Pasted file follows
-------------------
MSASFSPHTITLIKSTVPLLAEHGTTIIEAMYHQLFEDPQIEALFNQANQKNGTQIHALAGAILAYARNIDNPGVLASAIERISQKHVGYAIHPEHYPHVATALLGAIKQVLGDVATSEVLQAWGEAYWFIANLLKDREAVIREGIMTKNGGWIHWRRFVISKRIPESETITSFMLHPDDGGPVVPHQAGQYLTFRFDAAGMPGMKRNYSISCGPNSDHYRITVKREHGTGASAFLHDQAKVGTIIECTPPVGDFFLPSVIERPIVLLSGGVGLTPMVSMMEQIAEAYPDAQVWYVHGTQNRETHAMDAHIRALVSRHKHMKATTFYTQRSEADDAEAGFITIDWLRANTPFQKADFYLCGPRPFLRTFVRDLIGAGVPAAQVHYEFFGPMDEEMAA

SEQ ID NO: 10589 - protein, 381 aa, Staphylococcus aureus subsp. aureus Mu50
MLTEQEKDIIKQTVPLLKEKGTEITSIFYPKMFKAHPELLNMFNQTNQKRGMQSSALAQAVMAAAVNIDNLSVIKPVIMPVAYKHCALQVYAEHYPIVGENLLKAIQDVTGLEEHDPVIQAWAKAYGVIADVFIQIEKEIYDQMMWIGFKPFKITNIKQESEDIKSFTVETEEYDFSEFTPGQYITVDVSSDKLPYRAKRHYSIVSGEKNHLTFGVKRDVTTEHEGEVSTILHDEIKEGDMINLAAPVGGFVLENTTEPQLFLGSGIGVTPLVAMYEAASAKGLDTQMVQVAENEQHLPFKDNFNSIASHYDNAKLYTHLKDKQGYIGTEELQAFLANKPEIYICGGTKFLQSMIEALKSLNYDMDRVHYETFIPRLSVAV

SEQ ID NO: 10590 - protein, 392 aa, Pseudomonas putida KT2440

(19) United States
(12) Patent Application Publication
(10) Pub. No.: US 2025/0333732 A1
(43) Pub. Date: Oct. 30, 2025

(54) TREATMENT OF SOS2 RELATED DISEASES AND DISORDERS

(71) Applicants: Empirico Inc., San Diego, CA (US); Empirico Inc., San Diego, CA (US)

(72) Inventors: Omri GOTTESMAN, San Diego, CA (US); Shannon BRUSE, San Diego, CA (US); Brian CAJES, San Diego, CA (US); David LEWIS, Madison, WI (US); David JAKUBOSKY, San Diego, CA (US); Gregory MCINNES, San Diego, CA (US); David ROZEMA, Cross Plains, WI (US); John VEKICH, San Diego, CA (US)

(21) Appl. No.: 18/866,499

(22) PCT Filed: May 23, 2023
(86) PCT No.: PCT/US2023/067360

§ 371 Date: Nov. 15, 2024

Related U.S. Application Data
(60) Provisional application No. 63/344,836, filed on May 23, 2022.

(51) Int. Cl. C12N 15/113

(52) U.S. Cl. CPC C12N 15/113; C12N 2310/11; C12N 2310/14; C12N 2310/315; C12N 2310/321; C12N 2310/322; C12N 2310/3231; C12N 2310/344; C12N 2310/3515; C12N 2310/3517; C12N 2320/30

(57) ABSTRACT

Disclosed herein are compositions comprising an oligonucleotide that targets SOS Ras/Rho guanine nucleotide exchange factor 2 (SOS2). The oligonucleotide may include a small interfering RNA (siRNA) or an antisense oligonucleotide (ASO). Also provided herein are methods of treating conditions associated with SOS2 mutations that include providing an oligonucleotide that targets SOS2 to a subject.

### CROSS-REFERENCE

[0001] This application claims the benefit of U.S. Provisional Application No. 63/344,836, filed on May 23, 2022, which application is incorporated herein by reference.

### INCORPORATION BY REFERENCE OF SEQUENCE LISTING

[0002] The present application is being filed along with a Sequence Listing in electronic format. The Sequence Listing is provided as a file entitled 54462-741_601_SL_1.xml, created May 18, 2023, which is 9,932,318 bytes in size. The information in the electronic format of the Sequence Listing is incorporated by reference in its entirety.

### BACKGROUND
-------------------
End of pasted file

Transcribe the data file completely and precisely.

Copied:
MSASFSPHTITLIKSTVPLLAEHGTTIIEAMYHQLFEDPQIEALFNQANQKNGTQIHALAGAILAYARNIDNPGVLASAIERISQKHVGYAIHPEHYPHVATALLGAIKQVLGDVATSEVLQAWGEAYWFIANLLKDREAVIREGIMTKNGGWIHWRRFVISKRIPESETITSFMLHPDDGGPVVPHQAGQYLTFRFDAAGMPGMKRNYSISCGPNSDHYRITVKREHGTGASAFLHDQAKVGTIIECTPPVGDFFLPSVIERPIVLLSGGVGLTPMVSMMEQIAEAYPDAQVWYVHGTQNRETHAMDAHIRALVSRHKHMKATTFYTQRSEADDAEAGFITIDWLRANTPFQKADFYLCGPRPFLRTFVRDLIGAGVPAAQVHYEFFGPMDEEMAA

SEQ ID NO: 10589 - protein, 381 aa, Staphylococcus aureus subsp. aureus Mu50
MLTEQEKDIIKQTVPLLKEKGTEITSIFYPKMFKAHPELLNMFNQTNQKRGMQSSALAQAVMAAAVNIDNLSVIKPVIMPVAYKHCALQVYAEHYPIVGENLLKAIQDVTGLEEHDPVIQAWAKAYGVIADVFIQIEKEIYDQMMWIGFKPFKITNIKQESEDIKSFTVETEEYDFSEFTPGQYITVDVSSDKLPYRAKRHYSIVSGEKNHLTFGVKRDVTTEHEGEVSTILHDEIKEGDMINLAAPVGGFVLENTTEPQLFLGSGIGVTPLVAMYEAASAKGLDTQMVQVAENEQHLPFKDNFNSIASHYDNAKLYTHLKDKQGYIGTEELQAFLANKPEIYICGGTKFLQSMIEALKSLNYDMDRVHYETFIPRLSVAV

SEQ ID NO: 10590 - protein, 392 aa, Pseudomonas putida KT2440

(19) United States
(12) Patent Application Publication
(10) Pub. No.: US 2025/0333732 A1
(43) Pub. Date: Oct. 30, 2025

(54) TREATMENT OF SOS2 RELATED DISEASES AND DISORDERS

(71) Applicants: Empirico Inc., San Diego, CA (US); Empirico Inc., San Diego, CA (US)

(72) Inventors: Omri GOTTESMAN, San Diego, CA (US); Shannon BRUSE, San Diego, CA (US); Brian CAJES, San Diego, CA (US); David LEWIS, Madison, WI (US); David JAKUBOSKY, San Diego, CA (US); Gregory MCINNES, San Diego, CA (US); David ROZEMA, Cross Plains, WI (US); John VEKICH, San Diego, CA (US)

(21) Appl. No.: 18/866,499

(22) PCT Filed: May 23, 2023
(86) PCT No.: PCT/US2023/067360

§ 371 Date: Nov. 15, 2024

Related U.S. Application Data
(60) Provisional application No. 63/344,836, filed on May 23, 2022.

(51) Int. Cl. C12N 15/113

(52) U.S. Cl. CPC C12N 15/113; C12N 2310/11; C12N 2310/14; C12N 2310/315; C12N 2310/321; C12N 2310/322; C12N 2310/3231; C12N 2310/344; C12N 2310/3515; C12N 2310/3517; C12N 2320/30

(57) ABSTRACT

Disclosed herein are compositions comprising an oligonucleotide that targets SOS Ras/Rho guanine nucleotide exchange factor 2 (SOS2). The oligonucleotide may include a small interfering RNA (siRNA) or an antisense oligonucleotide (ASO). Also provided herein are methods of treating conditions associated with SOS2 mutations that include providing an oligonucleotide that targets SOS2 to a subject.

### CROSS-REFERENCE

[0001] This application claims the benefit of U.S. Provisional Application No. 63/344,836, filed on May 23, 2022, which application is incorporated herein by reference.

### INCORPORATION BY REFERENCE OF SEQUENCE LISTING

[0002] The present application is being filed along with a Sequence Listing in electronic format. The Sequence Listing is provided as a file entitled 54462-741_601_SL_1.xml, created May 18, 2023, which is 9,932,318 bytes in size. The information in the electronic format of the Sequence Listing is incorporated by reference in its entirety.

### BACKGROUND